Atlantic Hurricane Season Begins Slowly

The 2022 Hurricane Season is off to a slow start, even as meteorologists predict at least 16 named storms with three to five major Category 3, or higher storms, likely to make landfall sometime between September and October.

“All told, the Atlantic Ocean has been surprisingly quiet. No hurricane has formed in the Atlantic basin so far this year — an impressive 317-day drought. This year has now entered into the top 10 years with the longest dearth of hurricanes in the satellite record,” reported The Washington Post.

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The Atlantic Hurricane season begins June 1, and runs through November 30, with the increased chance of tropical storm development from August 15 through September 15 which coincides with the highest ocean water temperature.

Storm development begins off the North African coastline and is fueled by the strong Sahara winds. Weather modules predict favorable activity for storm development and organization within this basin will increase over the coming weeks and expect to see more robust tropical depression activity.

Comparatively, last year, 2021 during this peak storm season of August 14 through September 15, eight named storms developed in the Atlantic basin including a Hurricane Grace, a Category 3 storm and Hurricane Ida, a Category 4.

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As hurricane season peaks, over the next month, meteorologists predict the entire eastern seaboard is at risk, which is usually the case, and the warmer the ocean temperatures which are brought on by global warming, the increased risk for catastrophic storm development and landfall.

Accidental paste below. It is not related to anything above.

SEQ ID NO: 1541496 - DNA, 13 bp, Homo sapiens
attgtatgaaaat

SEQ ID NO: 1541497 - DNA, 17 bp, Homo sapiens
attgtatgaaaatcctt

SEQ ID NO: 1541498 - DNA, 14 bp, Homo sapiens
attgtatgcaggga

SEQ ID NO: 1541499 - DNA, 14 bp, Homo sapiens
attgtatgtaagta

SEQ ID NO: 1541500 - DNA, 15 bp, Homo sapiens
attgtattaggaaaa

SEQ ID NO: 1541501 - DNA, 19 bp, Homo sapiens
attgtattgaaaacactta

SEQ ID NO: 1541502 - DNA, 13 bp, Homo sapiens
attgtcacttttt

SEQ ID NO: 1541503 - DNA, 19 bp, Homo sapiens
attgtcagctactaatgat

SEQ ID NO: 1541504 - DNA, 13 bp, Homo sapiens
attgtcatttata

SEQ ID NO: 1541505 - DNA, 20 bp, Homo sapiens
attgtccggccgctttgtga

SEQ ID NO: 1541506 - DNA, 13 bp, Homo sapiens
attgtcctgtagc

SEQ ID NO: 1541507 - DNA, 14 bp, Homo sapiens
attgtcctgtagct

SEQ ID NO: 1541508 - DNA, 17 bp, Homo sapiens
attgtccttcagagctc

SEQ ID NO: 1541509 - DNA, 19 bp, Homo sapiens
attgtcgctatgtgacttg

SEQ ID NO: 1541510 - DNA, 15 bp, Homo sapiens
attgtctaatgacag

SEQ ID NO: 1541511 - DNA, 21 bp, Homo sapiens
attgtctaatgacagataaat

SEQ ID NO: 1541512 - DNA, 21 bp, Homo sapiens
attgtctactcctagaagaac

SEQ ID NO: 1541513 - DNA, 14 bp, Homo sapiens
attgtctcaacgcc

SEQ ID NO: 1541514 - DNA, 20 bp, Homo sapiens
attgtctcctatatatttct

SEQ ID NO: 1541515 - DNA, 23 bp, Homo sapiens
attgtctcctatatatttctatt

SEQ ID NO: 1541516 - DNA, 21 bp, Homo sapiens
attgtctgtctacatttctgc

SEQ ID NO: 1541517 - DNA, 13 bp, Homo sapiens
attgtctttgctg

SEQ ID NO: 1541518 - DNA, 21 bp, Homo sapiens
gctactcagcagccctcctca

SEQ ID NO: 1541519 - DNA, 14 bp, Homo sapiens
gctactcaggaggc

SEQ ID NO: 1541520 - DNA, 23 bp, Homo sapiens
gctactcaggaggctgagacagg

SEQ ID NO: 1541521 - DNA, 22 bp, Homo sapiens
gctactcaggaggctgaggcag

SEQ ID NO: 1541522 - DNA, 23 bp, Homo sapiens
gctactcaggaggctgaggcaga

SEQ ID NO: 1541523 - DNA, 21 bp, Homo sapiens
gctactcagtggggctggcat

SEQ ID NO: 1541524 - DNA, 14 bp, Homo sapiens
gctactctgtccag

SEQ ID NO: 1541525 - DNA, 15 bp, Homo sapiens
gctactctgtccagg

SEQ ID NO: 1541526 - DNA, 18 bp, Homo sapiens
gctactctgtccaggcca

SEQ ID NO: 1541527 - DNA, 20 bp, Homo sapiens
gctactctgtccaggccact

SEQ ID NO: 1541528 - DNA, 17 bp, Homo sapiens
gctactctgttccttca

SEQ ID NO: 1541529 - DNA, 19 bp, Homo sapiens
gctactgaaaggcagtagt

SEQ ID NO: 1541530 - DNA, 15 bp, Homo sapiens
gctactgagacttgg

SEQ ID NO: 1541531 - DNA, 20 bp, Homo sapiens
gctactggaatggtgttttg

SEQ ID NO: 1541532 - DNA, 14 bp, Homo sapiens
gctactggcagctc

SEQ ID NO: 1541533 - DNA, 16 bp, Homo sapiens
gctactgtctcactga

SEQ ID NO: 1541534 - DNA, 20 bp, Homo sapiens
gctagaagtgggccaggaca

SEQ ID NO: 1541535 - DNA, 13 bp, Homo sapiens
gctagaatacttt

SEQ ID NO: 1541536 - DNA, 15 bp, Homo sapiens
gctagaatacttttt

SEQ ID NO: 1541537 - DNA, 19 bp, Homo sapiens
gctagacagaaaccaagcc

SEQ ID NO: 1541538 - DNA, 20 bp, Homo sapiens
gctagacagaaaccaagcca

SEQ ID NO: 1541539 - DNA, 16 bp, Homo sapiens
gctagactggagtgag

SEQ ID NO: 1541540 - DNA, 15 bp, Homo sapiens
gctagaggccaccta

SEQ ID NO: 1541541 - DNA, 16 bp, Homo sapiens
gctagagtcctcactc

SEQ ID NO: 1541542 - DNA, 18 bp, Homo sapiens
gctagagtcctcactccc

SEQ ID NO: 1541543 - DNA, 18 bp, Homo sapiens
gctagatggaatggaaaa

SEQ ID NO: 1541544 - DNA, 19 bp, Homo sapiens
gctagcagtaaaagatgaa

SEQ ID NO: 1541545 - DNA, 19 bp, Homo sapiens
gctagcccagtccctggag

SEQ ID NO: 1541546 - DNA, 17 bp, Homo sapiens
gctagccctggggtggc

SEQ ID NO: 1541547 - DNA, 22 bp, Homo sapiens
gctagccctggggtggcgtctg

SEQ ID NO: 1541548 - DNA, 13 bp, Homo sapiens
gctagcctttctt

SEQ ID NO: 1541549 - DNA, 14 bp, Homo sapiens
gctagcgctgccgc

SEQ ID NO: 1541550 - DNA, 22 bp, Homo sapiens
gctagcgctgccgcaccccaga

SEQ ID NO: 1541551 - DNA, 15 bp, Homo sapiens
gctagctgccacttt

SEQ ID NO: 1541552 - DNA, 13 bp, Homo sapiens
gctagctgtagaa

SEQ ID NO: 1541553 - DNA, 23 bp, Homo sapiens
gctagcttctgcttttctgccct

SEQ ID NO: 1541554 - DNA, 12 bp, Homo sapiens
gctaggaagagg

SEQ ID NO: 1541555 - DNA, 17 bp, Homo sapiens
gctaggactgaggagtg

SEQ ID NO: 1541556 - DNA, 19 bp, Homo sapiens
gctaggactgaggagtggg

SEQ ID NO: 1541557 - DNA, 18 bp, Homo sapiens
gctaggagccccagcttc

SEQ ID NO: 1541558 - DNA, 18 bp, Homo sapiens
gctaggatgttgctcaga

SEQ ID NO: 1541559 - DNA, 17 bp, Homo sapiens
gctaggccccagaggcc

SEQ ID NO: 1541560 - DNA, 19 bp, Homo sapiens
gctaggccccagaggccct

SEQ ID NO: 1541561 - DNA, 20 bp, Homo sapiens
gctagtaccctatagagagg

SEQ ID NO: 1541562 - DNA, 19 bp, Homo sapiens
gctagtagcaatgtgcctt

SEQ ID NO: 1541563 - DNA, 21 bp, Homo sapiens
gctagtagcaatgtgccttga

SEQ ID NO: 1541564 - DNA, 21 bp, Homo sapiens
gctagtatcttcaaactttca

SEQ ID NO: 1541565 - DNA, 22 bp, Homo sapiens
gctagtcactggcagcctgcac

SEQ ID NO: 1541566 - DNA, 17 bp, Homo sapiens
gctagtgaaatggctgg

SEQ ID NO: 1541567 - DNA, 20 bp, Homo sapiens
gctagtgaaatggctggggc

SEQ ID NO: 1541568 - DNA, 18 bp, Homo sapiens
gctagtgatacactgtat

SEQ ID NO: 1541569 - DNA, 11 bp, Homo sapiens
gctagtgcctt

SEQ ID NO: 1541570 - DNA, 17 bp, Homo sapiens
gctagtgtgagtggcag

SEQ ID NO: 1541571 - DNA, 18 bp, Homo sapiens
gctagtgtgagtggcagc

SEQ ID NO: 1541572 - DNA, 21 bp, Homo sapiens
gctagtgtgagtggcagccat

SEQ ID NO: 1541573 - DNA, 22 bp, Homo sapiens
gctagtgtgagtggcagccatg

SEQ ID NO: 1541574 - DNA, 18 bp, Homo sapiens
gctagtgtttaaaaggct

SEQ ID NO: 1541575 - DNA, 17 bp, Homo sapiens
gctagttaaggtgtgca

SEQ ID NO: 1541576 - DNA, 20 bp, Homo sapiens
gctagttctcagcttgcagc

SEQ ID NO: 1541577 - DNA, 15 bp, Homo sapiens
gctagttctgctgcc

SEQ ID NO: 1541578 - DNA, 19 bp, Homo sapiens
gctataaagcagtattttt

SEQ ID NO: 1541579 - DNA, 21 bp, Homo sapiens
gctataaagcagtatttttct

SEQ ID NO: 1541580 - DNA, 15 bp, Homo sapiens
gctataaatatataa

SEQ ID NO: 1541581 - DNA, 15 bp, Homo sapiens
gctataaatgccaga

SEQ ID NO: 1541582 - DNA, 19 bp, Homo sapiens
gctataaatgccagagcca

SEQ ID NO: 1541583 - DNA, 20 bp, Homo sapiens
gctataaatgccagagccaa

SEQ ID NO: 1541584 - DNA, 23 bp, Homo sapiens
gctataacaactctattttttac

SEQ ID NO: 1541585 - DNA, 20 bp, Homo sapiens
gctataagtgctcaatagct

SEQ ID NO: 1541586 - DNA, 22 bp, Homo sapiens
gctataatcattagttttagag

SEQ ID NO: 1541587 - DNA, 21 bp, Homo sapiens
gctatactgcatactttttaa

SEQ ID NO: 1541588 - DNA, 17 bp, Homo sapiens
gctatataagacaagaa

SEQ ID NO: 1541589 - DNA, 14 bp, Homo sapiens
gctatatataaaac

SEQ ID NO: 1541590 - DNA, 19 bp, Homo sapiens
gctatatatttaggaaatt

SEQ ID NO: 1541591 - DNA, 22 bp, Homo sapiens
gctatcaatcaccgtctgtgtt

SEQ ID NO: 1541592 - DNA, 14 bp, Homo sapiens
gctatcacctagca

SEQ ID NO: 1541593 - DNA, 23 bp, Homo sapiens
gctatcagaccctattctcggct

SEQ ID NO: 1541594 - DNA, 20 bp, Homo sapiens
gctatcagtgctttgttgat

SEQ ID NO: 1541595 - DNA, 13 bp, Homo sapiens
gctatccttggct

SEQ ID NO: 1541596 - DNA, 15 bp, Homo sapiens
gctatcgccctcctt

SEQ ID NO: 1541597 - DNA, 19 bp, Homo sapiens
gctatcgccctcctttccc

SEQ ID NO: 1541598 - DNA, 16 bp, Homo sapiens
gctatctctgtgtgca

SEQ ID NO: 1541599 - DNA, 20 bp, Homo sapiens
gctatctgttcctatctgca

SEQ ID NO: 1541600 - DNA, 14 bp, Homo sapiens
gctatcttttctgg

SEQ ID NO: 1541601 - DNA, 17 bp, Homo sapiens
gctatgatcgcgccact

Meteorologists unpack the elements which have contributed to the relatively calm hurricane season by explaining the extreme heat in the high atmosphere wind shear from the tropical Atlantic along with dry dusty air which originates in the Sahara Desert destroys the opportunity for storms to organize.

While the Atlantic Basin looks impressively clear, the Gulf of Mexico is experiencing a tropical depression with wind speed of 35mph moving NW at 14mph. It is too early to determine if this storm will develop into hazardous conditions for the United States coastline, although a tropical storm warning has been issued for parts of northeastern Mexico and South Texas. This tropical depression has an 80% chance of developing into a Tropical Storm 4, with sustained winds between 35-63mph with a three-foot storm surge.

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As with any storm, especially when the ocean temperatures are at their peak, which while not quite at the summer’s hottest temperatures, the water in the Gulf of Mexico could aid the tropical storm, which could remain stationary at develop into a hurricane.

With this lull in the Atlantic storm season, it is a good time to restock the emergency supplies, ensure that an ample supple of batteries are on hand, flashlights, transistor radios, water, solar chargers, medicines, household needs, pet supplies, make sure gas tanks are full and remember ATM’s run on electricity and if there is an outage, banking convenience will be unavailable.

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